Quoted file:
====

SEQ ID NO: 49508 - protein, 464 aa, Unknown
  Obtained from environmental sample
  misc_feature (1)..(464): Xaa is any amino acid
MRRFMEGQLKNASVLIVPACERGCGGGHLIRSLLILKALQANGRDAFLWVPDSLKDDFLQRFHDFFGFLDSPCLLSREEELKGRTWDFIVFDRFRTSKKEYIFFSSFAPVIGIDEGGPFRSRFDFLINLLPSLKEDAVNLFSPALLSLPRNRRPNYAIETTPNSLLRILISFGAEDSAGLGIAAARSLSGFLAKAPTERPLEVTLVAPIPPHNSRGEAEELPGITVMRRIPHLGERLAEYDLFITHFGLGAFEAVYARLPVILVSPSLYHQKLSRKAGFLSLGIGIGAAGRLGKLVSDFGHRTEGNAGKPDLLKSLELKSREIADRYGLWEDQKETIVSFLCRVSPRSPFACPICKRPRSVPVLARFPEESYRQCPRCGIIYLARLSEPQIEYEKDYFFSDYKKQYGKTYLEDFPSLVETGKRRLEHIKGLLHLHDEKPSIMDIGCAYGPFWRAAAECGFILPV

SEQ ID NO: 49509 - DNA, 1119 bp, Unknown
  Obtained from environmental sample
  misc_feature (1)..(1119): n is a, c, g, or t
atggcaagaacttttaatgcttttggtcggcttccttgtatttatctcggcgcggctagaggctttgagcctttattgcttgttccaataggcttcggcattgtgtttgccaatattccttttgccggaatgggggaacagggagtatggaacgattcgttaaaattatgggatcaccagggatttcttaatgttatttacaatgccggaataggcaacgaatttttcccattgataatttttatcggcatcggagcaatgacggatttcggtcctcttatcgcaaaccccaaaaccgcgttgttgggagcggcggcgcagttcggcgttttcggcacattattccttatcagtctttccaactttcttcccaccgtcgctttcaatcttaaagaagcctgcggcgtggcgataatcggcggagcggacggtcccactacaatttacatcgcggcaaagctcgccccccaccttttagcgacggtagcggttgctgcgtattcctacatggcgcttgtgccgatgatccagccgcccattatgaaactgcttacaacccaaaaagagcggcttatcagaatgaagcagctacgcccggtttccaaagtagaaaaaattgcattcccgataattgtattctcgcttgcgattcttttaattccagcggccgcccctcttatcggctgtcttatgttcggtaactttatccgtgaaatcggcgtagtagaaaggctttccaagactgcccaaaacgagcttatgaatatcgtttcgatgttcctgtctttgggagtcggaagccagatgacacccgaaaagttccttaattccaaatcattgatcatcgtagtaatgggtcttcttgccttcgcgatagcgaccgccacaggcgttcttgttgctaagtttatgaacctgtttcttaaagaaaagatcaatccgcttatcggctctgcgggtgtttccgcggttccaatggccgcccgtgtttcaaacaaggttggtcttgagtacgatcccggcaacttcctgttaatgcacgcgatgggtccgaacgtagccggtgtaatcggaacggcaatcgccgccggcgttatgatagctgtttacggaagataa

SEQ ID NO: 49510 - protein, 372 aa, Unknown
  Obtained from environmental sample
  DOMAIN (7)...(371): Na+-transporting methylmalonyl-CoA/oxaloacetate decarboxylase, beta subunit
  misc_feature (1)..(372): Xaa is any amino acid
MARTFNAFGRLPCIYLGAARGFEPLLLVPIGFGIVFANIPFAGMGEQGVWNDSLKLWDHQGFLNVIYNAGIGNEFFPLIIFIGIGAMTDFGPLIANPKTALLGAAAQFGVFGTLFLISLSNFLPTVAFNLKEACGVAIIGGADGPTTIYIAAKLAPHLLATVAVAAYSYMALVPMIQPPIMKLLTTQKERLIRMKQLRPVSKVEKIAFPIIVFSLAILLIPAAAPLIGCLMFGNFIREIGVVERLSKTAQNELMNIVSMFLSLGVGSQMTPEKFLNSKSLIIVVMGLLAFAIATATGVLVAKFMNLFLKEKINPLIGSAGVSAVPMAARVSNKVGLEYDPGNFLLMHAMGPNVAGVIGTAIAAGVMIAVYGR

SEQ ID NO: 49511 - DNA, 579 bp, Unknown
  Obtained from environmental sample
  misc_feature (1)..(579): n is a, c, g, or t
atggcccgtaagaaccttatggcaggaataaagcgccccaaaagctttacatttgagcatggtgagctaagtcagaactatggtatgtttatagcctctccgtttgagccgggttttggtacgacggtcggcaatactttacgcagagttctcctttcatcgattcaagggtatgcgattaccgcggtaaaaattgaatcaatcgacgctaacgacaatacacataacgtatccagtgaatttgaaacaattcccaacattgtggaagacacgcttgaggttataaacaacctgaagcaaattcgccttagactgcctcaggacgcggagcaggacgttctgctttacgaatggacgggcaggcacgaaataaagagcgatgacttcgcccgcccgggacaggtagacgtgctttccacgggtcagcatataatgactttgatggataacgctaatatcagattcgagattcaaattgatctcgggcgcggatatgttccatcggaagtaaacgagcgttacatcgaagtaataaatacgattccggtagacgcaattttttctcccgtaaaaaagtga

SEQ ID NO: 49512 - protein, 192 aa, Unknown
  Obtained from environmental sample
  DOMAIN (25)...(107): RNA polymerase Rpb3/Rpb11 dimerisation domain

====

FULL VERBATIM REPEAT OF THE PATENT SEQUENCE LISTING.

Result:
SEQ ID NO: 49508 - protein, 464 aa, Unknown
  Obtained from environmental sample
  misc_feature (1)..(464): Xaa is any amino acid
MRRFMEGQLKNASVLIVPACERGCGGGHLIRSLLILKALQANGRDAFLWVPDSLKDDFLQRFHDFFGFLDSPCLLSREEELKGRTWDFIVFDRFRTSKKEYIFFSSFAPVIGIDEGGPFRSRFDFLINLLPSLKEDAVNLFSPALLSLPRNRRPNYAIETTPNSLLRILISFGAEDSAGLGIAAARSLSGFLAKAPTERPLEVTLVAPIPPHNSRGEAEELPGITVMRRIPHLGERLAEYDLFITHFGLGAFEAVYARLPVILVSPSLYHQKLSRKAGFLSLGIGIGAAGRLGKLVSDFGHRTEGNAGKPDLLKSLELKSREIADRYGLWEDQKETIVSFLCRVSPRSPFACPICKRPRSVPVLARFPEESYRQCPRCGIIYLARLSEPQIEYEKDYFFSDYKKQYGKTYLEDFPSLVETGKRRLEHIKGLLHLHDEKPSIMDIGCAYGPFWRAAAECGFILPV

SEQ ID NO: 49509 - DNA, 1119 bp, Unknown
  Obtained from environmental sample
  misc_feature (1)..(1119): n is a, c, g, or t
atggcaagaacttttaatgcttttggtcggcttccttgtatttatctcggcgcggctagaggctttgagcctttattgcttgttccaataggcttcggcattgtgtttgccaatattccttttgccggaatgggggaacagggagtatggaacgattcgttaaaattatgggatcaccagggatttcttaatgttatttacaatgccggaataggcaacgaatttttcccattgataatttttatcggcatcggagcaatgacggatttcggtcctcttatcgcaaaccccaaaaccgcgttgttgggagcggcggcgcagttcggcgttttcggcacattattccttatcagtctttccaactttcttcccaccgtcgctttcaatcttaaagaagcctgcggcgtggcgataatcggcggagcggacggtcccactacaatttacatcgcggcaaagctcgccccccaccttttagcgacggtagcggttgctgcgtattcctacatggcgcttgtgccgatgatccagccgcccattatgaaactgcttacaacccaaaaagagcggcttatcagaatgaagcagctacgcccggtttccaaagtagaaaaaattgcattcccgataattgtattctcgcttgcgattcttttaattccagcggccgcccctcttatcggctgtcttatgttcggtaactttatccgtgaaatcggcgtagtagaaaggctttccaagactgcccaaaacgagcttatgaatatcgtttcgatgttcctgtctttgggagtcggaagccagatgacacccgaaaagttccttaattccaaatcattgatcatcgtagtaatgggtcttcttgccttcgcgatagcgaccgccacaggcgttcttgttgctaagtttatgaacctgtttcttaaagaaaagatcaatccgcttatcggctctgcgggtgtttccgcggttccaatggccgcccgtgtttcaaacaaggttggtcttgagtacgatcccggcaacttcctgttaatgcacgcgatgggtccgaacgtagccggtgtaatcggaacggcaatcgccgccggcgttatgatagctgtttacggaagataa

SEQ ID NO: 49510 - protein, 372 aa, Unknown
  Obtained from environmental sample
  DOMAIN (7)...(371): Na+-transporting methylmalonyl-CoA/oxaloacetate decarboxylase, beta subunit
  misc_feature (1)..(372): Xaa is any amino acid
MARTFNAFGRLPCIYLGAARGFEPLLLVPIGFGIVFANIPFAGMGEQGVWNDSLKLWDHQGFLNVIYNAGIGNEFFPLIIFIGIGAMTDFGPLIANPKTALLGAAAQFGVFGTLFLISLSNFLPTVAFNLKEACGVAIIGGADGPTTIYIAAKLAPHLLATVAVAAYSYMALVPMIQPPIMKLLTTQKERLIRMKQLRPVSKVEKIAFPIIVFSLAILLIPAAAPLIGCLMFGNFIREIGVVERLSKTAQNELMNIVSMFLSLGVGSQMTPEKFLNSKSLIIVVMGLLAFAIATATGVLVAKFMNLFLKEKINPLIGSAGVSAVPMAARVSNKVGLEYDPGNFLLMHAMGPNVAGVIGTAIAAGVMIAVYGR

SEQ ID NO: 49511 - DNA, 579 bp, Unknown
  Obtained from environmental sample
  misc_feature (1)..(579): n is a, c, g, or t
atggcccgtaagaaccttatggcaggaataaagcgccccaaaagctttacatttgagcatggtgagctaagtcagaactatggtatgtttatagcctctccgtttgagccgggttttggtacgacggtcggcaatactttacgcagagttctcctttcatcgattcaagggtatgcgattaccgcggtaaaaattgaatcaatcgacgctaacgacaatacacataacgtatccagtgaatttgaaacaattcccaacattgtggaagacacgcttgaggttataaacaacctgaagcaaattcgccttagactgcctcaggacgcggagcaggacgttctgctttacgaatggacgggcaggcacgaaataaagagcgatgacttcgcccgcccgggacaggtagacgtgctttccacgggtcagcatataatgactttgatggataacgctaatatcagattcgagattcaaattgatctcgggcgcggatatgttccatcggaagtaaacgagcgttacatcgaagtaataaatacgattccggtagacgcaattttttctcccgtaaaaaagtga

SEQ ID NO: 49512 - protein, 192 aa, Unknown
  Obtained from environmental sample
  DOMAIN (25)...(107): RNA polymerase Rpb3/Rpb11 dimerisation domain